EU fishing boats will still be able to access British waters after Brexit, Michael Gove confirms

Written by Liam Kirkaldy on 3 August 2017 in News

Danish media reports comments from Michael Gove, promising that Danish boats will still be able to catch fish in British waters after Brexit

Fish - image credit: PA

Michael Gove has confirmed that fishing boats from across the EU will still be able to access British waters after Brexit, according to reports from Danish media.

Speaking during a fact-finding trip to Denmark, Gove was reported as promising that Danish boats will still be able to catch fish in British waters after Brexit, despite having last month told the BBC’s Andrew Marr Show that foreign boats would be prohibited from fishing within six to 12 miles of the coast when the UK leaves the EU.

Both the SNP and the Scottish Fishermen’s Federation questioned the remarks, with MSP Stewart Stevenson claiming the comments showed the Tories are “not being straight with people”.


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Neils Wichmann, Director of the Danish Fishermen’s Federation, who was at the meeting with Gove, told the Danish newspaper Jyllands-Posten: “Michael Gove indicated at the meeting that the Brits don’t have anything like the capacity to catch and process all the fish that are in British waters.

“Therefore, fishermen from Denmark and the other EU countries will still have access to British waters after Brexit, the minister explained.

“It is a logical statement, but it is nevertheless highly positive and a little surprising that this comes from a British cabinet minister so early in the negotiations process.”

Wichmann told Jyllands-Posten that he did not know if Gove meant foreign fishermen would keep 100 per cent or 50 per cent of current quotas.

He said: “Our opinion is that the current distribution of quotas should be retained, but in the meantime we are just happy that the minister is speaking so positively.”

A spokesperson for Defra said Brexit would allow the UK to grant fishing access for other countries “on our terms”, depending on economic and environmental factors.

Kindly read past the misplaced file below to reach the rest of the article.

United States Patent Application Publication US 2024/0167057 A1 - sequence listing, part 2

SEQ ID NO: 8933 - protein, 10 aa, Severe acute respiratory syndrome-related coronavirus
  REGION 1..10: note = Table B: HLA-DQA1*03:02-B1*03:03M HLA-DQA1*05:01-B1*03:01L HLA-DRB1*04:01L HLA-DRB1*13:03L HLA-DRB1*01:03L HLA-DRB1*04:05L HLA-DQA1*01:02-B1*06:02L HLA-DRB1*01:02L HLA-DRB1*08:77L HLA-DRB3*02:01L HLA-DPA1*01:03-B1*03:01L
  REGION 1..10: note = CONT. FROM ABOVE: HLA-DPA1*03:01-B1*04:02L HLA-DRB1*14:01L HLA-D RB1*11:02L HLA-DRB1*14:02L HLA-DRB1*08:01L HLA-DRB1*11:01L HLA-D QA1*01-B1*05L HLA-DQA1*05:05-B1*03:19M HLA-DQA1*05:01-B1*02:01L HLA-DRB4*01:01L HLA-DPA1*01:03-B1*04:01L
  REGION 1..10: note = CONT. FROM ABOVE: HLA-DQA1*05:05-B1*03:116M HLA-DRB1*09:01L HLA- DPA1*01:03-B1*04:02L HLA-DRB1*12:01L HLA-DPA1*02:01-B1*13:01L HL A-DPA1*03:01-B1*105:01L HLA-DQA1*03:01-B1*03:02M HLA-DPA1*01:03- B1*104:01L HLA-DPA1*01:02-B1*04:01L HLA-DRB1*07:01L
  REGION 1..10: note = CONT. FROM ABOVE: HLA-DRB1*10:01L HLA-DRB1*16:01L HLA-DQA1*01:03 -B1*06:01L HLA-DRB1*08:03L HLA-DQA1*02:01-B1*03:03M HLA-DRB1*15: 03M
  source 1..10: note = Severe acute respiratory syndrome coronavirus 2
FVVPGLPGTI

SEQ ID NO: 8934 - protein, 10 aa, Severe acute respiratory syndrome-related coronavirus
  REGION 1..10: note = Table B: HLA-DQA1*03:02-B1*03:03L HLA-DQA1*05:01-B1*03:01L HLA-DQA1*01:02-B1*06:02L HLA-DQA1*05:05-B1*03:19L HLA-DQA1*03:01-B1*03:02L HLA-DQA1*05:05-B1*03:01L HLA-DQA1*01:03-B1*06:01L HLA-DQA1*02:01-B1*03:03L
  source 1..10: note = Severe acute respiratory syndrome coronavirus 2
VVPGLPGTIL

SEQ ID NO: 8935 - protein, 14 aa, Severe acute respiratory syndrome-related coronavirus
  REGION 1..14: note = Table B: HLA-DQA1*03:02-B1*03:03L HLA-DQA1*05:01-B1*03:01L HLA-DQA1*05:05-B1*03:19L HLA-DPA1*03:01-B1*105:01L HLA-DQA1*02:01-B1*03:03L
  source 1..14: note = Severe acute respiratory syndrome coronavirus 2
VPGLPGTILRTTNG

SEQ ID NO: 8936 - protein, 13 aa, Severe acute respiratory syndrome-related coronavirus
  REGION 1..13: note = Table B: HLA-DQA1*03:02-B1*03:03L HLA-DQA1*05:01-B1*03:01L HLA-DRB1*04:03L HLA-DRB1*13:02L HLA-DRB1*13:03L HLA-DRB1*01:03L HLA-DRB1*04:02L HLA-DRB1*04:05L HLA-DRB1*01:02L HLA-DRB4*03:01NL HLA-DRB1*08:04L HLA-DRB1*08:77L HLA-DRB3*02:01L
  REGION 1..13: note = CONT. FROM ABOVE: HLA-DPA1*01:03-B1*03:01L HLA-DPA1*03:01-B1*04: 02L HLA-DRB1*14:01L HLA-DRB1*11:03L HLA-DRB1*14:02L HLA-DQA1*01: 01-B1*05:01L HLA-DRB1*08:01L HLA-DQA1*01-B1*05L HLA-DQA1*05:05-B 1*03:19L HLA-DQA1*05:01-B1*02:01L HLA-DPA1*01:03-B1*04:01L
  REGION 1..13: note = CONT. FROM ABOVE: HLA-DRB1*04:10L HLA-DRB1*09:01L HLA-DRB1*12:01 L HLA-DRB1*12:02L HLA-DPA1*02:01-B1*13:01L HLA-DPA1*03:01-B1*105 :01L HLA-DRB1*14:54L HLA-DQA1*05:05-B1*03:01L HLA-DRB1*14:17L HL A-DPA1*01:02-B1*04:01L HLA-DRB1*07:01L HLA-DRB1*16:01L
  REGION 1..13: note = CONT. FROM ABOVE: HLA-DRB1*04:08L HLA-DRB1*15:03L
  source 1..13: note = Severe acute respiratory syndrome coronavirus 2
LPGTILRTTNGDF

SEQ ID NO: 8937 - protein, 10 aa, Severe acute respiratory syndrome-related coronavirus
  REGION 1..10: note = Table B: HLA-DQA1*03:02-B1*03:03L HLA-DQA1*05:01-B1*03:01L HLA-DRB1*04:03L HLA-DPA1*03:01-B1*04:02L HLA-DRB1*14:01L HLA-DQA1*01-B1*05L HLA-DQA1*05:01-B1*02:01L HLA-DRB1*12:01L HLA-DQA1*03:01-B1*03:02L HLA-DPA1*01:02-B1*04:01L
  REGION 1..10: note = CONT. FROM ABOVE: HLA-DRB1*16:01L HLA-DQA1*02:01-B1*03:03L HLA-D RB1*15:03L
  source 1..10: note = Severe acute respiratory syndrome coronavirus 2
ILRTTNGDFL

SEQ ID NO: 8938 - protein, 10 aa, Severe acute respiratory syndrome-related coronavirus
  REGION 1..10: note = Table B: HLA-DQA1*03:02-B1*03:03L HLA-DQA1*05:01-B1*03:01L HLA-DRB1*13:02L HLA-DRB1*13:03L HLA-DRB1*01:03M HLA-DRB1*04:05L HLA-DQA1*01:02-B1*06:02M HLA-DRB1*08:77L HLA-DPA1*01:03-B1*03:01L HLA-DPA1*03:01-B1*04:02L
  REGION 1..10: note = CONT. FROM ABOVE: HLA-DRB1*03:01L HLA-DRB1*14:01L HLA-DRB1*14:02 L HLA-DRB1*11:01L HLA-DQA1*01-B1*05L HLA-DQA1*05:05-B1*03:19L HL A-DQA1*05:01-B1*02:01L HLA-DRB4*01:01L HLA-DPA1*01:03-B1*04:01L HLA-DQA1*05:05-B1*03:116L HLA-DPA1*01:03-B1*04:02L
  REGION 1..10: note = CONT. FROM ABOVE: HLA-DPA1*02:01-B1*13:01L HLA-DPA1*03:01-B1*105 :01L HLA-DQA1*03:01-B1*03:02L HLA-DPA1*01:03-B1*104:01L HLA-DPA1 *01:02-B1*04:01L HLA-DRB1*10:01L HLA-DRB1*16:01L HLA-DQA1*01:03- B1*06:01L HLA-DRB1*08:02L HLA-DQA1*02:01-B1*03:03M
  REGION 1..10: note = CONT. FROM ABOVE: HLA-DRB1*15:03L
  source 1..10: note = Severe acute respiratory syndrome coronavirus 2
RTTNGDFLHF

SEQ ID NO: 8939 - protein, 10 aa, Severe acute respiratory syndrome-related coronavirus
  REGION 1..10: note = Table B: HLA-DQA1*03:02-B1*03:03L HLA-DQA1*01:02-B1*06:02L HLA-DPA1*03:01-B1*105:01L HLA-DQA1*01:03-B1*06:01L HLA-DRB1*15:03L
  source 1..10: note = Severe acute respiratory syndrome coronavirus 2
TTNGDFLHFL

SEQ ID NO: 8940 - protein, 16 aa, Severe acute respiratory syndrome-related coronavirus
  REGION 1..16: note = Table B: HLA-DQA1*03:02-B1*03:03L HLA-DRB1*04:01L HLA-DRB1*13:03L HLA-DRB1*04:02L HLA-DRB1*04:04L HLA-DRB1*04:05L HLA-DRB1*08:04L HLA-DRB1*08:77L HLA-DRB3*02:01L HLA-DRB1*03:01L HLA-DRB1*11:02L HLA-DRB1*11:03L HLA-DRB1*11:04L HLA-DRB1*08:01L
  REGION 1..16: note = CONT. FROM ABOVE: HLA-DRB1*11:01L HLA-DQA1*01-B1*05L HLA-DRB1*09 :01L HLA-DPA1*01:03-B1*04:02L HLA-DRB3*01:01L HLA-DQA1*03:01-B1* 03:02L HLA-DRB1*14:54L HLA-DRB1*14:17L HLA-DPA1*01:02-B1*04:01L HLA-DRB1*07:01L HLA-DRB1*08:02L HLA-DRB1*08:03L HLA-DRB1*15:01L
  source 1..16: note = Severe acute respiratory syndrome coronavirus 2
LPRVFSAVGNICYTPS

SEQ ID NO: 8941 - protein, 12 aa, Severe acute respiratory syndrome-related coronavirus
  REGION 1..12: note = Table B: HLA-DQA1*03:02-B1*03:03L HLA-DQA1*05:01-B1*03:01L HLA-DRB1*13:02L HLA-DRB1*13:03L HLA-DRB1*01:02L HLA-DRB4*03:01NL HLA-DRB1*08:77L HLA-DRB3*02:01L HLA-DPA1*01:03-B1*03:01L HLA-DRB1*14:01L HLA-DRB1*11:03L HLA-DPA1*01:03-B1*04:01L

Bertie Armstrong of the Scottish Fishermen's Federation said: "It is clear from our meetings with the government that control over our waters will be in our hands after Brexit.

"We will be out of the Common Fisheries Policy and we will decide who fishes where and for what. Our position is straightforward: we must have first call on quota."

Stevenson described the comments from Gove as “startling”, claiming “you cannot trust the Tories to stand up for rural Scotland’s interests”.

He said: “They might well be trying to keep voters and fishermen sweet at home with all sorts of promises – yet Michael Gove is jet-setting around Europe reassuring EU members that there’ll be nothing of the sort.

“The reports, if true, show the Tories are not being straight with people and will do and say anything in order to force through their disastrous, ill-conceived Brexit plans.

“Michael Gove must immediately make absolutely clear what the UK government’s real position on the future of fisheries is.

"He could start by confirming that devolved powers over fisheries will transfer to Scotland so that we can get on with developing our own management policies which put Scottish fishing interests offshore and onshore, first.

“It is simply too important an industry for too many of our communities, particularly in my constituency, for him to continue promising one thing in public at home whilst saying the complete opposite in private to international audiences.”

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